Fair question, if not a fair assumption. I think that to characterize progressives as those who “essentially reduce everyone to the state of children” is kind of like saying that the essence of the conservative philosophy is to essentially eliminate all social support so that the weak starve and die in the street while only the strong survive, or that libertarians are about inducing a state of total anarchy and societal collapse leading to invasion from without. In short, it over-generalizes the philosophy and then adds an ad hominem spin to it. The characterization you refer to is an attack screed focusing on certain elements of progressive ideals, not an honest attempt to analyze the philosophy. And frankly, it is not so “rarely” stated–I have heard it often (especially recently), though usually piecemeal and referenced within other contexts. It is all too familiar.

    If you want to boil down the progressive philosophy as much as possible, it is the ideal of government serving the people to allow the greatest individual freedom while creating a support system so that everyone’s basic needs are met and no one is left to suffer without minimal succor. It is the philosophy that we care about each other enough to create that support system, just like a family–if your brother falls on hard times and needs help, you don’t kick him out into the street to starve in the cold, you take care of him. As a society, that is what progressives aspire to: we don’t want to be cold, heartless, and selfish so that those in dire straits are shoved out the door. We know that if we were in their position, we would want a helping hand, so we strive to meet the needs of all who are in trouble. We would rather suffer with a deadbeat brother than to shove grandpa out into the snow, if that’s what adhering to the philosophy requires.

    What I find fascinating is that this is, in fact, a very Christian philosophy–in that it is Christ-like, what you would imagine Christ would do (in fact, what he would likely focus on primarily) if he were running the show–and yet the Christians tend to be more conservative, more on the social-darwinist side.

    This system requires that we set up a series of safety nets, often sneered at as “entitlements” by the right wingers. The irony is that when they become eligible for each of these “entitlements,” these same right-wingers tend to be the first in line to snatch them up, become aggressively defensive about them, and at the same time try their hardest to deny them to others. Witness Medicare and the recent town-hall right-wingers who simultaneously demanded that no one touch that entitlement as it pertained to them, but just as insistently demanded that it not be extended to others.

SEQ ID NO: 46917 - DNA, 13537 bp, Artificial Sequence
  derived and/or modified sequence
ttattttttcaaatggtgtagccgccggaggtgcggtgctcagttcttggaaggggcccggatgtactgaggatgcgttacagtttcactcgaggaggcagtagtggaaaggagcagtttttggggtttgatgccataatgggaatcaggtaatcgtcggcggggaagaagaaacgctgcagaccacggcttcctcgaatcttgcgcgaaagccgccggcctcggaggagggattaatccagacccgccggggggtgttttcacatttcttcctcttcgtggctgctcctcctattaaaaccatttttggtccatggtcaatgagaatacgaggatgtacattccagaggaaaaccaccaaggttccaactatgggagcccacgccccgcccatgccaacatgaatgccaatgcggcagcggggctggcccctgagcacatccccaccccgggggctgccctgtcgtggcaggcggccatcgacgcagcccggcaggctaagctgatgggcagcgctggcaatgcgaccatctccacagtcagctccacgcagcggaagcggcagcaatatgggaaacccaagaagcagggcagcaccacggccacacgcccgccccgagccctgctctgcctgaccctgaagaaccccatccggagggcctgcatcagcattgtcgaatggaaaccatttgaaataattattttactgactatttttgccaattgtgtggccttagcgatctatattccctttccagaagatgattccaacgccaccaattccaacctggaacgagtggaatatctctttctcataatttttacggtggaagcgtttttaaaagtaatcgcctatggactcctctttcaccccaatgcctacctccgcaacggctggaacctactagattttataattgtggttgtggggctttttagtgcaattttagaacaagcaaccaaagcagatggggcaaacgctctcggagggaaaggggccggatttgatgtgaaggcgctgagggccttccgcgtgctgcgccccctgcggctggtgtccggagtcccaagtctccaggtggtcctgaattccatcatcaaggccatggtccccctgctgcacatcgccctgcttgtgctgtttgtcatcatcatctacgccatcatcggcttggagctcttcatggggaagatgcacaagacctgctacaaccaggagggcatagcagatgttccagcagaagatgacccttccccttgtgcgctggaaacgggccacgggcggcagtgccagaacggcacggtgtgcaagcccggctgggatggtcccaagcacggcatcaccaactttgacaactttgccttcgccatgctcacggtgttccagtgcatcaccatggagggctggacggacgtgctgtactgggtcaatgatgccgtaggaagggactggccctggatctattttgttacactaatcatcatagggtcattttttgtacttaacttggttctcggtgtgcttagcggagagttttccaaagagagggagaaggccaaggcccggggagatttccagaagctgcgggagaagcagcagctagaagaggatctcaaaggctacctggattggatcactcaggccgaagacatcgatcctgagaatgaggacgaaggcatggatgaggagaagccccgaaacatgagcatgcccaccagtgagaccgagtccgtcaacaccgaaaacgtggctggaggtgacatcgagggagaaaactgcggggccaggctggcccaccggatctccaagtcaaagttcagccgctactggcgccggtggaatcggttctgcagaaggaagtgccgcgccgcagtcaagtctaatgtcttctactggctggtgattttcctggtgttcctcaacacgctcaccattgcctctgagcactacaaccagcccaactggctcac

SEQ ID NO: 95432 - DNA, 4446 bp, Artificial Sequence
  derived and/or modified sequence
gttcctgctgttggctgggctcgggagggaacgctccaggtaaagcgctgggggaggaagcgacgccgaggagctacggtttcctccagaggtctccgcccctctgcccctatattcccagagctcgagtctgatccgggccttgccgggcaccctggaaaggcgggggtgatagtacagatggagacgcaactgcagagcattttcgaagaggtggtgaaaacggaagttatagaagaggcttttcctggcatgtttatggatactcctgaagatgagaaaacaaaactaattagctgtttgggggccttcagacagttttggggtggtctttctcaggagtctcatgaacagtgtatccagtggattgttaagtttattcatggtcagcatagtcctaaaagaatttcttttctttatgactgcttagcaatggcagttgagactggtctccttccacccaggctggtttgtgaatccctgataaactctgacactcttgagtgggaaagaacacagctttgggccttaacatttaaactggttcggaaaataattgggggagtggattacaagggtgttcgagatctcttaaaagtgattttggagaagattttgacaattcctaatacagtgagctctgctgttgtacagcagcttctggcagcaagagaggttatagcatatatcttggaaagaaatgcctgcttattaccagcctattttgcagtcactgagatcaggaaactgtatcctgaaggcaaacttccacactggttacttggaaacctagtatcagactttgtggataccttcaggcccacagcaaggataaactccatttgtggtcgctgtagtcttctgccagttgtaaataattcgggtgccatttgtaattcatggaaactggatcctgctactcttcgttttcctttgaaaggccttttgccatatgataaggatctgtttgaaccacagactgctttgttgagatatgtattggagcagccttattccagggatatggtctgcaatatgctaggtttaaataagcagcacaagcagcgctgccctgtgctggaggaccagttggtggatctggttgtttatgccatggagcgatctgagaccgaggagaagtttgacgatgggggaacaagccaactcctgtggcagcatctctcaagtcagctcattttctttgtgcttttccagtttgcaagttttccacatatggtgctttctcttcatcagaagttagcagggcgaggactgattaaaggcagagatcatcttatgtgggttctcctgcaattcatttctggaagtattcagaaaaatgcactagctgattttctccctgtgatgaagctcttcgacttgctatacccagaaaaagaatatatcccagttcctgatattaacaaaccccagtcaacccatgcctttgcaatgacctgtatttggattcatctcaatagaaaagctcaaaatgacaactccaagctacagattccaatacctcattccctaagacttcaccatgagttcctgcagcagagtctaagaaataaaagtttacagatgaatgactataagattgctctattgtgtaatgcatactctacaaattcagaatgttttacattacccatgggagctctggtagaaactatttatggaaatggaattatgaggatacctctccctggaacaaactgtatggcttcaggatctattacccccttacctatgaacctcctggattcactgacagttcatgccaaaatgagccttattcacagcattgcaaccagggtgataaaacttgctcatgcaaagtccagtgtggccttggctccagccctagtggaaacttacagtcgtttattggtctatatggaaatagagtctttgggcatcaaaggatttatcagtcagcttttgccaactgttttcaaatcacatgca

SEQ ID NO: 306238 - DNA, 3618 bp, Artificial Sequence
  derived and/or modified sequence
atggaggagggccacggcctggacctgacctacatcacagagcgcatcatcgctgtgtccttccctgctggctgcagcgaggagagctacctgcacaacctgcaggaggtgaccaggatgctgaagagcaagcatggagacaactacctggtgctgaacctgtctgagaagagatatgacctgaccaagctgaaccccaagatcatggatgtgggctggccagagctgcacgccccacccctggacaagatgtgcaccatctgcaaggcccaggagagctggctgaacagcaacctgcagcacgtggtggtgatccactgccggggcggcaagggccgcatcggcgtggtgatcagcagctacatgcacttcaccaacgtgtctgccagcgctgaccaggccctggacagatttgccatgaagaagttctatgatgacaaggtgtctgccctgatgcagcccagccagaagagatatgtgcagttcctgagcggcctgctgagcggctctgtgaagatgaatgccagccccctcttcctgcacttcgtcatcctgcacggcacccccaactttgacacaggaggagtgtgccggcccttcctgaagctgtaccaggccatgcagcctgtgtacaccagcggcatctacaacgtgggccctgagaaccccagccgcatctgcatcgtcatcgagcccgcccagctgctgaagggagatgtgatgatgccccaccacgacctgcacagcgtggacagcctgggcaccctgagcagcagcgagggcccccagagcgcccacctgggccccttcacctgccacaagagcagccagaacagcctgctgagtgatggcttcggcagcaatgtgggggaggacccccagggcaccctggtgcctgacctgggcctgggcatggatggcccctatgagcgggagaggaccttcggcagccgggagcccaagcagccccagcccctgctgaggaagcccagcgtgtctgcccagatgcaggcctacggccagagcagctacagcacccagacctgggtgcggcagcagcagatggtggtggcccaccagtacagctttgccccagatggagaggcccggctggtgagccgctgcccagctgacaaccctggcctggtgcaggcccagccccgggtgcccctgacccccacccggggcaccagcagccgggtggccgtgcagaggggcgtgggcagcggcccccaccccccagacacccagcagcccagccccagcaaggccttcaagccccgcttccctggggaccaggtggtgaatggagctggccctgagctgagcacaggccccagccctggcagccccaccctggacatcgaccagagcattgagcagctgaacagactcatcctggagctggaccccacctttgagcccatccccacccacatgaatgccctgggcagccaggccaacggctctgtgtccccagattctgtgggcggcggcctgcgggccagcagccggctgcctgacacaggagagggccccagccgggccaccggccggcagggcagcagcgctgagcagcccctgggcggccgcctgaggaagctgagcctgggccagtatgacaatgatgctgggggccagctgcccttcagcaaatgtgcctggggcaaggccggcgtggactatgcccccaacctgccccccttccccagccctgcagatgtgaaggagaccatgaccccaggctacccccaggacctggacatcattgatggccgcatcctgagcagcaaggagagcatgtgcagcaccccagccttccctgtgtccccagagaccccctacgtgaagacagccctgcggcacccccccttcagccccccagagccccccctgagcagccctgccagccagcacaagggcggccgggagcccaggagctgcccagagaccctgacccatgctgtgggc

The safety nets we generally recognize include Social Security (so that the elderly are assured a comfortable retirement, not at all the case before the system was created), health care (no one should have to choose between health of a family member and abject poverty, or be forced to watch a loved one die of an easily treatable ailment), and welfare (a catch-all term which refers to most support mechanisms such as food stamps, public housing, etc. to those who cannot find work or earn enough to support themselves).

    The interesting thing is that this is not really “progressive” in many ways–it is, in fact, a more universal philosophy. It is hard to find a wealthy nation that does not provide these support systems for its people. And while conservatives tend to dislike these things, they find that they cannot attack them directly exactly because they are both so popular and to remove them would be seen as heartless and cruel. And yet they attempt to vilify these systems and dismantle them tangentially at every opportunity because they see them as huge money drains–money that could be going to more tax cuts and more corporate welfare in the form of military spending and handouts to patron industries. In other words, money that could be put into their own pockets. Conservatives are not about cutting taxes for most Americans, they are not about reducing government, they are not about fiscal responsibility; as we have recently witnessed from the Bush years, they are more about transferring wealth to their own sphere, with only minimal sops to the middle class and a complete disregard for the dangers of deficit spending for the purpose of that self-enrichment.

    As to “the proposition that people cannot be trusted to make wise decisions on their own, so the government must make those decisions for them,” this is simply an ad hominem attack aimed at progressives in general. It is not based in the least in fact. Think about it–what does it refer to? Exactly what decisions are being taken out of the hands of the people? What decisions are progressives trying to make that conservatives are not? Generally, it boils down to money: the claim is that while progressives want to take all your money away from you so they can spend it wisely, conservatives/libertarians want you to keep your money so you can decide how to spend it on your own. That’s the bugaboo: Obama is a socialist who doesn’t think you’re smart enough to spend your own money, so he wants to confiscate it so he can spend it more wisely. Ignore the fact that he has only instituted tax cuts or that he proposed more money in the hands of most Americans than did conservatives. Instead, a bald-faced lie about how he wants all your money is propagated while the plain facts are dismissed. This is the argument made for conservative tax cuts which, invariably, tend to favor the wealthy most of all and the average American the least. At best, it applies only to very wealthy people who feel they unduly support a system which coddles lazy people who leech off of them.